Underground Wonderland The RISD Museum is hosting a retrospective of Providence's DIY marketing approach to underground shows. The exhibit, with every wall plastered from floor to ceiling, feels like a time-capsule. Fort Thunder and its associated bands has been mentioned here on the blue before, but the sense of community that comes through, and which still runs through Providence's subcultures thanks to individuals like Ryan Lesser and his "Lots of Noise" site deserves yet another post. Be sure to check out the Lots of Noise image and photo gallery for more fun stuff. (No direct links, sorry!)
The Netflix Rolling Roadshow, "Imagine watching 'Jaws' from a raft in the ocean just off the Martha's Vineyard beach where it was filmed . . . or watching 'Escape from Alcatraz' in the cell block where Frank Morris, played by Clint Eastwood, was locked up...This August, the Netflix Rolling Roadshow celebrates classic American movies by screening them at the locations they made famous. Each screening is an interactive special event (think scavenger hunts, road rallies, a high school prom, even spending the night on Alcatraz Island). Some screenings will also include cast reunions and question-and-answer sessions with the filmmakers." My favorite: Stanley Kubrick's "The Shining" at the Stanley Hotel in Estes Park, Colorado. That is going to be a surreal experience.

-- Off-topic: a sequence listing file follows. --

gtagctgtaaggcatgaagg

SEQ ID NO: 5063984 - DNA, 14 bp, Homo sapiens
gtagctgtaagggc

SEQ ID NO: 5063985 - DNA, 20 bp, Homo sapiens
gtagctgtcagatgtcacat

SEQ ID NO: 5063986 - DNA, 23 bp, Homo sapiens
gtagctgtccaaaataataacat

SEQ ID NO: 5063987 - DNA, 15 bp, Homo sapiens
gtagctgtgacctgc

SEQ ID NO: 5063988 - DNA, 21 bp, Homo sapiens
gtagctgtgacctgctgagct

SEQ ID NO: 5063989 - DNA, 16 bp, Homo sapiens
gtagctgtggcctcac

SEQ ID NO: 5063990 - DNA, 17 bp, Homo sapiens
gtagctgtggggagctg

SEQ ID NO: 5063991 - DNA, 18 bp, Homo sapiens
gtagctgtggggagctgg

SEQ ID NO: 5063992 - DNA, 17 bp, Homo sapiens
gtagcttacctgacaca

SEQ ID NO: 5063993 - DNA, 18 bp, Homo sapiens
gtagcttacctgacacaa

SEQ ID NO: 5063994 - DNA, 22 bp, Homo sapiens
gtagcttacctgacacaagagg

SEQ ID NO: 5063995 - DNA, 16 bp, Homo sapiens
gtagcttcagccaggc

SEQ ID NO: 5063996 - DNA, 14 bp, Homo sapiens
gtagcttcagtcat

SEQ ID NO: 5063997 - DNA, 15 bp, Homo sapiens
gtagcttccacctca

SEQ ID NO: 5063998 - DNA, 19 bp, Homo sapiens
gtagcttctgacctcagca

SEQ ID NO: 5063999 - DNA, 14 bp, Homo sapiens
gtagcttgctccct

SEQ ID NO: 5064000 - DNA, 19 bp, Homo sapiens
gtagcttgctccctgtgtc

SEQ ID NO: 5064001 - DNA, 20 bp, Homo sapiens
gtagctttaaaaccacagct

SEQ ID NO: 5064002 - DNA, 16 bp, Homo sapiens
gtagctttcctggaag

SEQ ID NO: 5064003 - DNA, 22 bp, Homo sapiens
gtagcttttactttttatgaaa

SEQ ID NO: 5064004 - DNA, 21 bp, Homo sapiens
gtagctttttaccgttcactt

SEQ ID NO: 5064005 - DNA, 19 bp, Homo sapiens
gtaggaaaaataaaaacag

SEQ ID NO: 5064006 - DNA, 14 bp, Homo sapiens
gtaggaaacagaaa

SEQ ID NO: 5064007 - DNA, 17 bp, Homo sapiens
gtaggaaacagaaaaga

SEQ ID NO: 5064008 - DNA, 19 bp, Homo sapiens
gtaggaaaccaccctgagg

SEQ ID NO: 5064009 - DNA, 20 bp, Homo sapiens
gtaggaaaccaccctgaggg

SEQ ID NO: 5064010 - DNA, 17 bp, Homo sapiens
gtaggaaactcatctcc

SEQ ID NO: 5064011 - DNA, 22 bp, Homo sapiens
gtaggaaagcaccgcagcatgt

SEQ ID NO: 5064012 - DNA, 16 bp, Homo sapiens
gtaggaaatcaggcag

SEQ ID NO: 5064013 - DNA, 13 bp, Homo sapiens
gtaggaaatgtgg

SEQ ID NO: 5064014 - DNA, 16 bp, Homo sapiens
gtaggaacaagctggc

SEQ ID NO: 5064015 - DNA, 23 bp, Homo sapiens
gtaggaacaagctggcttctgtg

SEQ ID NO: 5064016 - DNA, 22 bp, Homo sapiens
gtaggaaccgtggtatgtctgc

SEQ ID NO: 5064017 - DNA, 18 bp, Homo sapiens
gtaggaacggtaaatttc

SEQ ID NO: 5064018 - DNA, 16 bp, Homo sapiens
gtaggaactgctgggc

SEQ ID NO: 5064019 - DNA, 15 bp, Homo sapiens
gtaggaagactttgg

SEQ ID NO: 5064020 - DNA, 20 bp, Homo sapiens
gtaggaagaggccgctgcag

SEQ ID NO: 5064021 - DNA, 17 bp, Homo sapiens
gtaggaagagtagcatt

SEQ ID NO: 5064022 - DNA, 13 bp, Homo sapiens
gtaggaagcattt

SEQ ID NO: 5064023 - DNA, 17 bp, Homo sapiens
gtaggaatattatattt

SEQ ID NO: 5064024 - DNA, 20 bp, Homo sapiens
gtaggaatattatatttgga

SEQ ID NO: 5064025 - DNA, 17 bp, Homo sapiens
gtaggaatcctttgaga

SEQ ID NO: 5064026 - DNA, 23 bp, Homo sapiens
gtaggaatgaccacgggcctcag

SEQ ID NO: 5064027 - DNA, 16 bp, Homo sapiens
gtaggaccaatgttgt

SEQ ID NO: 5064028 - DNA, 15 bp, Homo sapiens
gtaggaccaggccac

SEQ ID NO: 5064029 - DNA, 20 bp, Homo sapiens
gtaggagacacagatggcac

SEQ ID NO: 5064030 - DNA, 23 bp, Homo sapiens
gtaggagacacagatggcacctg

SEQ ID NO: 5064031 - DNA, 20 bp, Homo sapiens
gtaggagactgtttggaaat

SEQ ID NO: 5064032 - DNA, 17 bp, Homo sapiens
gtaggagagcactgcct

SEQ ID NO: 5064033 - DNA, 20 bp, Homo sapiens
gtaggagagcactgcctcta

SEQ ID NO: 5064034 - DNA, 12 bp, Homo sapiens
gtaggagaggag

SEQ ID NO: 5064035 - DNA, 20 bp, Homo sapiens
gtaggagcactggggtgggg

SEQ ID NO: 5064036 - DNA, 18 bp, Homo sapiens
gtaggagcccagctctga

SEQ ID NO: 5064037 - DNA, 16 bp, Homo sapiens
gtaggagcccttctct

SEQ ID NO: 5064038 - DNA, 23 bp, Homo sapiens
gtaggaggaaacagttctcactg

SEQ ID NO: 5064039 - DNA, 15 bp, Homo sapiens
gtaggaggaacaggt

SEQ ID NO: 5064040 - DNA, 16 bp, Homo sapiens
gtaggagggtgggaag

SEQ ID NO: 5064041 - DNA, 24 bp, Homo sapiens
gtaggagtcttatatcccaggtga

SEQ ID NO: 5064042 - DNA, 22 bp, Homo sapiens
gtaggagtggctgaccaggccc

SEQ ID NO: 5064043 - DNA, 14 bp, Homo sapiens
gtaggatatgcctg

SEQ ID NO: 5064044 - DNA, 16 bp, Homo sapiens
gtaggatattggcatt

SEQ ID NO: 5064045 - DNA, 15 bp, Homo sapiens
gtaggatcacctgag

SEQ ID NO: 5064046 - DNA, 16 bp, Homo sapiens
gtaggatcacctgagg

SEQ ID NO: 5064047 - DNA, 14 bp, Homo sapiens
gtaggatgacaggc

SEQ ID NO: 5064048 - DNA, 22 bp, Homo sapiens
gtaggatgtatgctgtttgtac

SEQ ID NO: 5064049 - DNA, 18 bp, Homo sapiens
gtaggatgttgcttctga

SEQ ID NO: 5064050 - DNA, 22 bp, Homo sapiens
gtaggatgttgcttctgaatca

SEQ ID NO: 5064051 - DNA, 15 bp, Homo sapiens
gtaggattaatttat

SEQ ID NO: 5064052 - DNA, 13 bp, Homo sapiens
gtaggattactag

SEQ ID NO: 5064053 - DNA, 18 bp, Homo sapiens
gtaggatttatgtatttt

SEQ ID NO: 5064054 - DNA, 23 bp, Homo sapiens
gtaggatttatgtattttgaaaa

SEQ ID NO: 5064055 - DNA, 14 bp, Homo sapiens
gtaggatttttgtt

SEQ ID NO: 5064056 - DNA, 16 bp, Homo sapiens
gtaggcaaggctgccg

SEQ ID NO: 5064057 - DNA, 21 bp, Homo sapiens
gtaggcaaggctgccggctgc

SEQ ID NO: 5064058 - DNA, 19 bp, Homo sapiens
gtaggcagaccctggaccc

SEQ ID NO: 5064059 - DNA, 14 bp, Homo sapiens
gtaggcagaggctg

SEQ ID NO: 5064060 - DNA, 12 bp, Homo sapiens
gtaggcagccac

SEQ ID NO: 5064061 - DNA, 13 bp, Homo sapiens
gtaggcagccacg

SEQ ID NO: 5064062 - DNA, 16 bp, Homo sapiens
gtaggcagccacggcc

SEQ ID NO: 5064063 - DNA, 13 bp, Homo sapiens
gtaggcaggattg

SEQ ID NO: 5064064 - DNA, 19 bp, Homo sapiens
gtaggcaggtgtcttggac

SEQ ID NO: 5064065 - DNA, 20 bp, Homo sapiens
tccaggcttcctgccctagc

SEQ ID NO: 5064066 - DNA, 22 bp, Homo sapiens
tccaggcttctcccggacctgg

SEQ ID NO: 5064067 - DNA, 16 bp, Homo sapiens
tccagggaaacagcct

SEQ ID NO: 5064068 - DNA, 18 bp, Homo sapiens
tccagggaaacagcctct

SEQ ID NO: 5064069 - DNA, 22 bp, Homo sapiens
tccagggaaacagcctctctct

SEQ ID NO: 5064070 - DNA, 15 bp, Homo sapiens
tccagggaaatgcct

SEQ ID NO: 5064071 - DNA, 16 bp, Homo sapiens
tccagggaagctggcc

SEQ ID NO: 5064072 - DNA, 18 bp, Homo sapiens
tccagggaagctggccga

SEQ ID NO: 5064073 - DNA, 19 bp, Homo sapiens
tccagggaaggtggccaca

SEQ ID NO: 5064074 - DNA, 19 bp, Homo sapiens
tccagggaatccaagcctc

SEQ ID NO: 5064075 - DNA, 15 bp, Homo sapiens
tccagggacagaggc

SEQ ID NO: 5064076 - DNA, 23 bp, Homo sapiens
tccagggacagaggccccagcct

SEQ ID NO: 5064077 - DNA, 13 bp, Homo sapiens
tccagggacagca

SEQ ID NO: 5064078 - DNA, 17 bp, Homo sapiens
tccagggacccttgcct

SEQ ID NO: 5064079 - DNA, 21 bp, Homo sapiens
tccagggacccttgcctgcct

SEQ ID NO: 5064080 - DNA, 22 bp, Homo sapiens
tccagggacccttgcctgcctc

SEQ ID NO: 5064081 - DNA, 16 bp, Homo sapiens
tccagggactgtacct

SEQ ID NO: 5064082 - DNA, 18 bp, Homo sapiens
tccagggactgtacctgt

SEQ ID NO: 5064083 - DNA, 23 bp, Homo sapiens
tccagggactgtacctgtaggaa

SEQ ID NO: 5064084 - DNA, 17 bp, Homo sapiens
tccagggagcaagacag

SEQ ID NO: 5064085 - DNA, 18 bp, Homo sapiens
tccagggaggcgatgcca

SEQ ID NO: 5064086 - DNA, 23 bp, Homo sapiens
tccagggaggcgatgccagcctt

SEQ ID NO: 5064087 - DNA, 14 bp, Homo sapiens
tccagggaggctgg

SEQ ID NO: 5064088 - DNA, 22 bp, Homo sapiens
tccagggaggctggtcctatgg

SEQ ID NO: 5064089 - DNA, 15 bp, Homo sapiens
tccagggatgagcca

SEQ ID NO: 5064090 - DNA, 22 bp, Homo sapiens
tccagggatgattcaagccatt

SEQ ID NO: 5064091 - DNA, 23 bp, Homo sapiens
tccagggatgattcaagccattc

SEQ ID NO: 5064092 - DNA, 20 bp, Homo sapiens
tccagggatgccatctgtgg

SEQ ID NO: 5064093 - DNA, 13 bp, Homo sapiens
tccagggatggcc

Hello Gattaca : "The federal government is planning to overhaul its employee drug testing program to include scrutiny of workers' hair, saliva and sweat, a shift that could spur more businesses to revise screening for millions of their own workers."
Is the passenger screening less secure than purely random screening? According to the write-up in this paper, complete with probabilistic analysis and computer simulation, the answer is yes. I've hijacked the link from BoingBoing.
Are you depressed? A federal task force recommended that all adults be screened for depression during regular visits with their doctors, noting that many cases are mistreated and as many as half of all cases are missed.
No Profiling, No Saftey? ...to placate special interest groups that fear profiling will result in widespread racial or religious discrimination, authorities are imposing screening quotas that are unlikely to thwart a future terrorist attack. They should be doing the very opposite by creating more sophisticated profiling systems that catch real criminals. Is it really "damned if they do, damned if they don't" or is there a better way?
A Congressman gets debriefed. In other news, lawmakers finally reap what they sow.